Spinal Decompression for Neck Pain
In a paper published in 2007 the Parker Research Institute questioned the claims for efficacy made by manufacturers and advertisers of non-surgical spinal decompression (Daniel, 2007). This therapy, they said, could cost upwards of $100,000 and had only one scientifically rigorous research trial indicating its use in those with lower back pain. Out of the seven trials looking at non-surgical spinal decompression six found that it had no significant difference between this therapy and placebo. Despite this lack of evidence a poll found that 38% of chiropractors were using the technology in their treatments (MPAmedia, 2006). The cost of these units range from $9000 to over $100,000, which may induce the belief that these practitioners had a lot to recoup financially and therefore promotion of the therapy was likely to be pretty hard-nosed (Daniel, 2007). Since then even more models have become available although there is still scant evidence for their effectiveness, and a literature review revealed no studies conducted to investigate their use in the cervical spine. The majority of these traction devices remain functional only for the lumbar spine, doing little for neck pain or cervical spinal compression. This is not to say that non-surgical spinal decompression is not effective for the relief of neck pain, but the glaring lack of published evidence must surely make one suspicious.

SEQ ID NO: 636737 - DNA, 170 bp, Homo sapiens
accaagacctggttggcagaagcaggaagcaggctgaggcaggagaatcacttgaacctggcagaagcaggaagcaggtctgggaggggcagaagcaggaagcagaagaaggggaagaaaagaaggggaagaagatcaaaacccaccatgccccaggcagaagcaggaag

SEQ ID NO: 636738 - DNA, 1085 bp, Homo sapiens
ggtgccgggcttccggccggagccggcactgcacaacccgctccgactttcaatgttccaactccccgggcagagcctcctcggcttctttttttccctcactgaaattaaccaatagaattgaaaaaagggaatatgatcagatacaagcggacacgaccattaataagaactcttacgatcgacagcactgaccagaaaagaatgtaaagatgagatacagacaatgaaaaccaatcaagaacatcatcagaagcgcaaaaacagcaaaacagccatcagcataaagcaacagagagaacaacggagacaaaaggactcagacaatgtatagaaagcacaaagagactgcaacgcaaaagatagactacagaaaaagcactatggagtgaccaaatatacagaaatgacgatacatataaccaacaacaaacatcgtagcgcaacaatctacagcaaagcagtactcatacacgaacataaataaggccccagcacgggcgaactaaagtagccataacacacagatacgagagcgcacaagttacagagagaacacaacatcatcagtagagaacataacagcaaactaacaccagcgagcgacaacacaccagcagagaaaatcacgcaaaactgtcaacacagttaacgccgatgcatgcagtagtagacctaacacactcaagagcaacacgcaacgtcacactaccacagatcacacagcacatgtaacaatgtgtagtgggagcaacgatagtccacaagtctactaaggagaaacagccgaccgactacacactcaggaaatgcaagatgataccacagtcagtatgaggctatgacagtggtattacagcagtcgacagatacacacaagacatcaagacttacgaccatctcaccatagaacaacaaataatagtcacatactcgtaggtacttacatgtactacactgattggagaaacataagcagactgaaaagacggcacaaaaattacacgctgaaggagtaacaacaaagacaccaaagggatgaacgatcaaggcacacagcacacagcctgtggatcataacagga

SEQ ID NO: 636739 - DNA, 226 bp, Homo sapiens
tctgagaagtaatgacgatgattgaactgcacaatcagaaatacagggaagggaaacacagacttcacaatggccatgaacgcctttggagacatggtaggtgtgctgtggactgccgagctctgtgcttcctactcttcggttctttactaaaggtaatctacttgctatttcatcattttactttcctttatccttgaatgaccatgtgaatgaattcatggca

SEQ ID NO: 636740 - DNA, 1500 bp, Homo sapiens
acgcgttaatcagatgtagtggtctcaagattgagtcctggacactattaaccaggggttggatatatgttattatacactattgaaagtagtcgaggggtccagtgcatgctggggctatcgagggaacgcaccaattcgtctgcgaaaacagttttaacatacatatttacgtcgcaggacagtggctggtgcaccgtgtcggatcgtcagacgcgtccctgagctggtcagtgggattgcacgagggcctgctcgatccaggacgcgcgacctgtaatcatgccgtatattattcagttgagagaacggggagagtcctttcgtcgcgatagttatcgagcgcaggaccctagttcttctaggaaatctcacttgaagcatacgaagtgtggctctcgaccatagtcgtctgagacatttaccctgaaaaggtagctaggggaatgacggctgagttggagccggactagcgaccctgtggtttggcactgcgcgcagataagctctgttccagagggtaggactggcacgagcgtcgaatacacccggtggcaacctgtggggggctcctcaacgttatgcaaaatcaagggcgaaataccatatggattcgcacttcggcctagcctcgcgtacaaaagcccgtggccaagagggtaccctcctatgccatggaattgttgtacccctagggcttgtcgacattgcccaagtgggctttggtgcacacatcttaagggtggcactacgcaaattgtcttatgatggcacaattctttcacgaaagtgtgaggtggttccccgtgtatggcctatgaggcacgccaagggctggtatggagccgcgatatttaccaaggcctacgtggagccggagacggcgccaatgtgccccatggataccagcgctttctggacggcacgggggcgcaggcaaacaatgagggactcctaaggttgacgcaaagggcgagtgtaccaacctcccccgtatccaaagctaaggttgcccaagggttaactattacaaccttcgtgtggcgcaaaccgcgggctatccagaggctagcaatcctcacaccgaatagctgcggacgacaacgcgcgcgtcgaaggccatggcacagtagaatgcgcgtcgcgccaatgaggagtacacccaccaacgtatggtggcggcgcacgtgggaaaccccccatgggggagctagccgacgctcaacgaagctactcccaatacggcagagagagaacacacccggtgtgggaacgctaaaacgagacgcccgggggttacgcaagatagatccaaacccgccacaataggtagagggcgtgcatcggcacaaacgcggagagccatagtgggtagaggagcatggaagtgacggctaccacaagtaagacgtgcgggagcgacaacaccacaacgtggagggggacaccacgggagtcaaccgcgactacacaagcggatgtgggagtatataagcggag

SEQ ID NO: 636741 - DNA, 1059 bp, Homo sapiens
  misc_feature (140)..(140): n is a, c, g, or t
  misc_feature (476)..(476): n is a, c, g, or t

This treatment has some advantages over other invasive forms of treatment as it has a significantly lower risk level. The efficacy of the treatment may be hard to assess, however, as there are usually several adjunct therapies used by the clinics providing non-surgical spinal decompression. Patients should be aware that several sessions, each purporting to provide a gradual improvement in the spine, are usually considered necessary. The cost in terms of both time and money can therefore be high for this kind of treatment, which effectively removes the possibility for some.
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Last Updated: 11/20/2010